Imagine that a parent or grandparent takes out a life insurance policy, pays premiums for it for years, sticks the policy in a cabinet or drawer someplace, and the beneficiaries (children or grandchildren) never know the policy exists. In that situation, the beneficiaries never make a claim because they don't know the policy even exists. The benefits are not paid to the beneficiaries as the insured intended, despite the fact that the insurer reaped the premiums for many years. This situation is not uncommon. However, oftentimes, someone knows both that the policy exists and that the insured has died. That "someone" is the insurance company who issued the life insurance policy.
Recent settlements between States and prominent life insurance companies have exposed a dubious practice whereby the insurers routinely search a database maintained by the Social Security Administration which verifies when a person is deceased. In addition, court filings can be searched for evidence of a person's death. Many insurers are searching those databases as a matter of practice in order to determine if its insured is dead. Although there are a variety of motivations for an insurer to do so for its own interest, one example is that it may stop making monthly annuity payments to a person who has died. Unfortunately, the insurance companies are not using this information to alert or pay beneficiaries of policies owned by a person they learn has died, leaving the unknowing beneficiaries in the dark, and holding the money for themselves, sometimes eventually escheating the money to the State for the State to disburse or hold.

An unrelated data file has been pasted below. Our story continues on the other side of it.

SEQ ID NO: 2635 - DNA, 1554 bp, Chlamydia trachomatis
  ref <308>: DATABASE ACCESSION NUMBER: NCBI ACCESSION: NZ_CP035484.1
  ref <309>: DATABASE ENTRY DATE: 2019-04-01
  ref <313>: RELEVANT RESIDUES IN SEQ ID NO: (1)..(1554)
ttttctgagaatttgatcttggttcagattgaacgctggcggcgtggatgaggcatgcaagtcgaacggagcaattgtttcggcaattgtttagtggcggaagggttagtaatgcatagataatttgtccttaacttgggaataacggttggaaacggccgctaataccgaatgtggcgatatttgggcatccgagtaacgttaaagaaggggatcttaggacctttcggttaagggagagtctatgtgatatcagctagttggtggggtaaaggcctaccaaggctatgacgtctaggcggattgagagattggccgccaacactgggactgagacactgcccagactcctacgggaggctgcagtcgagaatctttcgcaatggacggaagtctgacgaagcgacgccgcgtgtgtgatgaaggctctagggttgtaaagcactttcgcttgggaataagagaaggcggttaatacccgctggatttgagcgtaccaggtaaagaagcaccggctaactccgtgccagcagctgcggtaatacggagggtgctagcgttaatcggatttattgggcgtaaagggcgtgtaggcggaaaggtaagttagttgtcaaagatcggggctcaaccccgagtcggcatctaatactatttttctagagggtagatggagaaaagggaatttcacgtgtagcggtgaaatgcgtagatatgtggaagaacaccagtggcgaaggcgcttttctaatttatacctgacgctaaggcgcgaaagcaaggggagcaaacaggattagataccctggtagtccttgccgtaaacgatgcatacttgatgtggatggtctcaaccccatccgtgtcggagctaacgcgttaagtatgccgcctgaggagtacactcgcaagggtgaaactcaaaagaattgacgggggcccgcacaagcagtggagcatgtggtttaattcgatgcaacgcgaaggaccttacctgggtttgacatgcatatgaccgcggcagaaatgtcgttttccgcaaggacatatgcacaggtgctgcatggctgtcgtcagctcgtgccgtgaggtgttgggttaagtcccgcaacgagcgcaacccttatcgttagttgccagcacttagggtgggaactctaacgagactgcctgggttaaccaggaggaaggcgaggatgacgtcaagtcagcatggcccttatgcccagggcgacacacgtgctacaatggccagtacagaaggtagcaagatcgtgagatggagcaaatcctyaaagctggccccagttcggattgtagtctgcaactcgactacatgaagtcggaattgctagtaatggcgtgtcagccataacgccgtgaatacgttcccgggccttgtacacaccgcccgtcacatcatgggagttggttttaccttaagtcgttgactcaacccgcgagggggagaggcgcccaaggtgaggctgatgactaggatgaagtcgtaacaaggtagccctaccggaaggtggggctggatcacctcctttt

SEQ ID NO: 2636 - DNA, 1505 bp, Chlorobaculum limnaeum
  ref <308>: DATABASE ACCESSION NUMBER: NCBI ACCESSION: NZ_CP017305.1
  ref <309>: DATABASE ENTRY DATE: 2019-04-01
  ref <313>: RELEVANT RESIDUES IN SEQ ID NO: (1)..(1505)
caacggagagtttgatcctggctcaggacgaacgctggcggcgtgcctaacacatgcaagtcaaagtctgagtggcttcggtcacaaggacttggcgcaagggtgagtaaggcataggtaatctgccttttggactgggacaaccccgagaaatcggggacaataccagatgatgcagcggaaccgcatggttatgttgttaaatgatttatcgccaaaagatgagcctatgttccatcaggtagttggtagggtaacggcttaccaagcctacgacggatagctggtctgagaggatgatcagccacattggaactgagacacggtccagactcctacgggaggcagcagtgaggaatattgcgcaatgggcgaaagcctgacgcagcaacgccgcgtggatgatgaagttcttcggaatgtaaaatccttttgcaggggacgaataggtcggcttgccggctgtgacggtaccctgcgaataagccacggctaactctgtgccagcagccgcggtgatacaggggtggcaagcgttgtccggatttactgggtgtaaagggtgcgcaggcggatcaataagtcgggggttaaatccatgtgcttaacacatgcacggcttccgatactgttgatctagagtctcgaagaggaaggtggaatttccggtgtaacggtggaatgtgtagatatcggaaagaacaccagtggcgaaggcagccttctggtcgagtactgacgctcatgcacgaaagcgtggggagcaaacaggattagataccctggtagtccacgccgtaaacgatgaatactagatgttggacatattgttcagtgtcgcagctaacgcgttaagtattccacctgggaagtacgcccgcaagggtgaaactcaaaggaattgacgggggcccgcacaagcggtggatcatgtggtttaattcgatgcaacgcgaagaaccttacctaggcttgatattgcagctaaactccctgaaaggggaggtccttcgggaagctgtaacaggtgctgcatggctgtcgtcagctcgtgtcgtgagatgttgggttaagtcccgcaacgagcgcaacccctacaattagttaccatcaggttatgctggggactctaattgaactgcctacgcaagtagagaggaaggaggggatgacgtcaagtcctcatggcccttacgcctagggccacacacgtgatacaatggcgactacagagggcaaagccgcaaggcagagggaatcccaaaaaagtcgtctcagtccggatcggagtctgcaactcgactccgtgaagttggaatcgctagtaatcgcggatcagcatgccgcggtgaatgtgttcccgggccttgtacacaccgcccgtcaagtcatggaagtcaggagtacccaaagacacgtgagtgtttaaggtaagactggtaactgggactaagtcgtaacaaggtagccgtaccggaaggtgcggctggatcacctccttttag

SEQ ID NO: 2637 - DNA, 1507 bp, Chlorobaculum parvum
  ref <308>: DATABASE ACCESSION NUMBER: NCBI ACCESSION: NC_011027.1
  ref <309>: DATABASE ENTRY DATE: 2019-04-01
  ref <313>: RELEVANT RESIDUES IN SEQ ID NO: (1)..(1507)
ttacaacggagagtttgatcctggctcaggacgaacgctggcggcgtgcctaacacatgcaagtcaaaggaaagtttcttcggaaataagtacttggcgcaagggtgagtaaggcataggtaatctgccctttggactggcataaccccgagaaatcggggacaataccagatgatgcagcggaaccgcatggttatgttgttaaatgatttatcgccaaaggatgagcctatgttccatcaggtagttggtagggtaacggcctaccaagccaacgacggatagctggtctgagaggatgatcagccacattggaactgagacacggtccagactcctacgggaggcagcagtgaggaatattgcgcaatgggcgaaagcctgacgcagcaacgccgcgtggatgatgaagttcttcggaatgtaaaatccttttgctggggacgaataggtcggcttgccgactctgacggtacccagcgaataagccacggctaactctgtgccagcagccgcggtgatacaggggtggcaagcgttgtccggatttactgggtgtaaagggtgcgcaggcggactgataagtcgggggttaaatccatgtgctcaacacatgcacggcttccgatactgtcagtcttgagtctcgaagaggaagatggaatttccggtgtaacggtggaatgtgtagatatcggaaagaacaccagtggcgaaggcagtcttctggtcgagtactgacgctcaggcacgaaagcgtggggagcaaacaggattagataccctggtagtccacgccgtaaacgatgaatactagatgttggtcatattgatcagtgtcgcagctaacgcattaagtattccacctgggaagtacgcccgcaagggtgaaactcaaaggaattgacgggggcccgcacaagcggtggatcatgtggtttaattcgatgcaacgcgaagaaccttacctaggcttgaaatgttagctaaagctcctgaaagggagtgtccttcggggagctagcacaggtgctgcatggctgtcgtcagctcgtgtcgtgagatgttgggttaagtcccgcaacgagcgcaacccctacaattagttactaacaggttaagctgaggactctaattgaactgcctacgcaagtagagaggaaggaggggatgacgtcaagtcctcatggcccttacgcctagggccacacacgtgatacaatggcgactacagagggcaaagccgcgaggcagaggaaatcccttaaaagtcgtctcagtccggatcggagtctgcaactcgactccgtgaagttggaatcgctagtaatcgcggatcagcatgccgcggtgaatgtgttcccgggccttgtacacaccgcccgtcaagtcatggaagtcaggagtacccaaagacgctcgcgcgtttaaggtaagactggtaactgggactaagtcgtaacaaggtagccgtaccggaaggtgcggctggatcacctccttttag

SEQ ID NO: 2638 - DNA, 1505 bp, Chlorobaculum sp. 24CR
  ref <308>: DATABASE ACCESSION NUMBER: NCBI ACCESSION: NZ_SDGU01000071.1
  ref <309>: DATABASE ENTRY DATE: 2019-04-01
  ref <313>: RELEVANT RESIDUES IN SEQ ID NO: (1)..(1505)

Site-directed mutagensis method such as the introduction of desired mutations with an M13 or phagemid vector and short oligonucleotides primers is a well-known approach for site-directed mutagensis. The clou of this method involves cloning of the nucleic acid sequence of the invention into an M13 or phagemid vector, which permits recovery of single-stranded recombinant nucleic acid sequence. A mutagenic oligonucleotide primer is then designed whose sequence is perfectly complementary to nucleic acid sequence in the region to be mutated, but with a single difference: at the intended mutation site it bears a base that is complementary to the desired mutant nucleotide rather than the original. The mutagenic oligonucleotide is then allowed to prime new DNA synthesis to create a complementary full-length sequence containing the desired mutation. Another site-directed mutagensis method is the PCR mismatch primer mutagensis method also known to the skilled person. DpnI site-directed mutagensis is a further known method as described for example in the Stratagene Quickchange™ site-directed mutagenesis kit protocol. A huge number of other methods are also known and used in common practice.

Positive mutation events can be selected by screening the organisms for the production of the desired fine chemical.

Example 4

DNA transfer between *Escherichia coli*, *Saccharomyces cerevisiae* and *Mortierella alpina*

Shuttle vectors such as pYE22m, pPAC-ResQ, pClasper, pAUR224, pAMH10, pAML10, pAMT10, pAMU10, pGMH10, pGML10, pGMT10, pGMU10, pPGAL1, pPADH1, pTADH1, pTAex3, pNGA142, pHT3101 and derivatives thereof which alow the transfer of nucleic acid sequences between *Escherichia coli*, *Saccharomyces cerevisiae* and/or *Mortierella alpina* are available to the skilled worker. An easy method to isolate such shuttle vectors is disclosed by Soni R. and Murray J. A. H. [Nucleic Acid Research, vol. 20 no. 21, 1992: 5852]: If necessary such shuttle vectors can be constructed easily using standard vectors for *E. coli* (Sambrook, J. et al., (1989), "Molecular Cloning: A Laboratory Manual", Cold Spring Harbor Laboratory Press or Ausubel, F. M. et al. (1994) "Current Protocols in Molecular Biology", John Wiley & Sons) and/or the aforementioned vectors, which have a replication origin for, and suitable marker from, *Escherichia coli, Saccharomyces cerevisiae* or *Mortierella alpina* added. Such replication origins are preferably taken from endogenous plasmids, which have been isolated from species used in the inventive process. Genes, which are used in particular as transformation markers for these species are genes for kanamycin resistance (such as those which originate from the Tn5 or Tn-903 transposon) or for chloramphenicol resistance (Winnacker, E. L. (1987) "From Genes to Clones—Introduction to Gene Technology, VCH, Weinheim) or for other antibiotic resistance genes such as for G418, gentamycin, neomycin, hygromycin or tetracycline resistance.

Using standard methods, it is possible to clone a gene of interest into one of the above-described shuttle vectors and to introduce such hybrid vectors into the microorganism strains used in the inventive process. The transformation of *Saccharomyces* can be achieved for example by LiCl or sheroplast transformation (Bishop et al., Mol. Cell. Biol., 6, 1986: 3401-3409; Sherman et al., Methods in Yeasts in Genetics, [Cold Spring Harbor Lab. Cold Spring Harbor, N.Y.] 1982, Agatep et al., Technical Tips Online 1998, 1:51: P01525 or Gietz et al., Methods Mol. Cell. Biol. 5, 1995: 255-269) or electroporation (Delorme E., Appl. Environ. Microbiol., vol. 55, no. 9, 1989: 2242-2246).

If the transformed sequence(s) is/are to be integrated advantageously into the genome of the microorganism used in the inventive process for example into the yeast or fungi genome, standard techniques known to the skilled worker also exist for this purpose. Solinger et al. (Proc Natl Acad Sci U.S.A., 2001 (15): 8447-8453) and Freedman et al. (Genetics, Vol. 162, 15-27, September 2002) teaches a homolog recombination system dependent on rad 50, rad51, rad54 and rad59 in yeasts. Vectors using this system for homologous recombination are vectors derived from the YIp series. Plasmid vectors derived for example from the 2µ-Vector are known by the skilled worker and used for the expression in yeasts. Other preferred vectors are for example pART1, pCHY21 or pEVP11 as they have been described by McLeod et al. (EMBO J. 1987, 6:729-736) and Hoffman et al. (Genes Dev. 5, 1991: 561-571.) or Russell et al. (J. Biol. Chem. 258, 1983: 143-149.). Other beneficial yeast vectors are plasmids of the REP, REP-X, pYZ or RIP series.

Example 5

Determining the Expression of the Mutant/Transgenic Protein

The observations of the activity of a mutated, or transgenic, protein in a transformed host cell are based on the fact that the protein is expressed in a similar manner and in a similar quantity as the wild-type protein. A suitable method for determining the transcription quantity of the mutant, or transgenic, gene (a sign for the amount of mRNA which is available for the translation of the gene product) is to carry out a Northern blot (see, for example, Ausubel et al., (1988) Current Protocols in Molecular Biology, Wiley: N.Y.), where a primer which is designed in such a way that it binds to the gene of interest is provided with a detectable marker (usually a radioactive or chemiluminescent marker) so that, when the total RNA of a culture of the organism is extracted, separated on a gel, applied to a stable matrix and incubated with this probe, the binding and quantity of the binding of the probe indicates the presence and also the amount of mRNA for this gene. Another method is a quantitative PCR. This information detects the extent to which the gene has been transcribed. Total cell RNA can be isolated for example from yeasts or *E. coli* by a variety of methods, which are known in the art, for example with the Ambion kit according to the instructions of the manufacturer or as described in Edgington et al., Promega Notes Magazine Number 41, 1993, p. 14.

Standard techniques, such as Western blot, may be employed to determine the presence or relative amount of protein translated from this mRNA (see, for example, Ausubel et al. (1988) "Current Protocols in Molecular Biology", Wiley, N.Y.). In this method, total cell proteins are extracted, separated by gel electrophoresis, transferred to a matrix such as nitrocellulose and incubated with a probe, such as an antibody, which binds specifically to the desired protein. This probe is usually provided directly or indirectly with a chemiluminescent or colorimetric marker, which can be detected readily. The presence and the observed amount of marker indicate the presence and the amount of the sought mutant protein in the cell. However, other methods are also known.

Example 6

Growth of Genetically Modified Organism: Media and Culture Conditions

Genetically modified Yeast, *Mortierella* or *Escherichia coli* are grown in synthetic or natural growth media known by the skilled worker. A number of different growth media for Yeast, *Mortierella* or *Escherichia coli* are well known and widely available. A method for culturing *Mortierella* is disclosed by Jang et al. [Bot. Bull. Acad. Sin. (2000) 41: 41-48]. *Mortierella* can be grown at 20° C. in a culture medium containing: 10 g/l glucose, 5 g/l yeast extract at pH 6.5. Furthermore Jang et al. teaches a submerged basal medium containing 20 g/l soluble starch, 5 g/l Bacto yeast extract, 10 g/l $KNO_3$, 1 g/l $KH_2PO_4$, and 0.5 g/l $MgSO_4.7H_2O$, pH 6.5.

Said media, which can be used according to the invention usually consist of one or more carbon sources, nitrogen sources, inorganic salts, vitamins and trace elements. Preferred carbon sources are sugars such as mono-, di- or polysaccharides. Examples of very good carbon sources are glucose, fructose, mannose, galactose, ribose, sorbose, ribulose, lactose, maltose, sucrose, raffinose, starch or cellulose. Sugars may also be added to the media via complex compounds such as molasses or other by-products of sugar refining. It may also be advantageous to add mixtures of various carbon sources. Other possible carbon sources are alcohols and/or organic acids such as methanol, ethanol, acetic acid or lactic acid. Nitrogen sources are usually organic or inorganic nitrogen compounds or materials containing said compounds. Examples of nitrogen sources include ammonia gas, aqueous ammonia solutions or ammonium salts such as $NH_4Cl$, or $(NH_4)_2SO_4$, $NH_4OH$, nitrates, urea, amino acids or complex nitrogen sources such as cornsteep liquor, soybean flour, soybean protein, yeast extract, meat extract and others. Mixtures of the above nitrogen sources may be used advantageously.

This "asymmetrical" use of the Death Master Files has come under attack recently. Many insurers have entered into a global resolution agreement with various States for these failures, and have agreed to change their ways in the future. The beneficiaries themselves, however, are still without recourse. At least two attempted class actions have been filed on behalf of policy holders in different states. Both have been dismissed, although the appellate process is unfinished. To read more about those cases, click here.
In Wisconsin, an insurer is required by law to notify the beneficiaries and take reasonable steps to pay them within four months once it knows the insured is dead, even if the beneficiaries have not presented a "proof of loss." If you are aware of a situation where an insurance company may have violated this duty, please contact Atterbury, Kammer & Haag, S.C., to discuss this situation at no cost.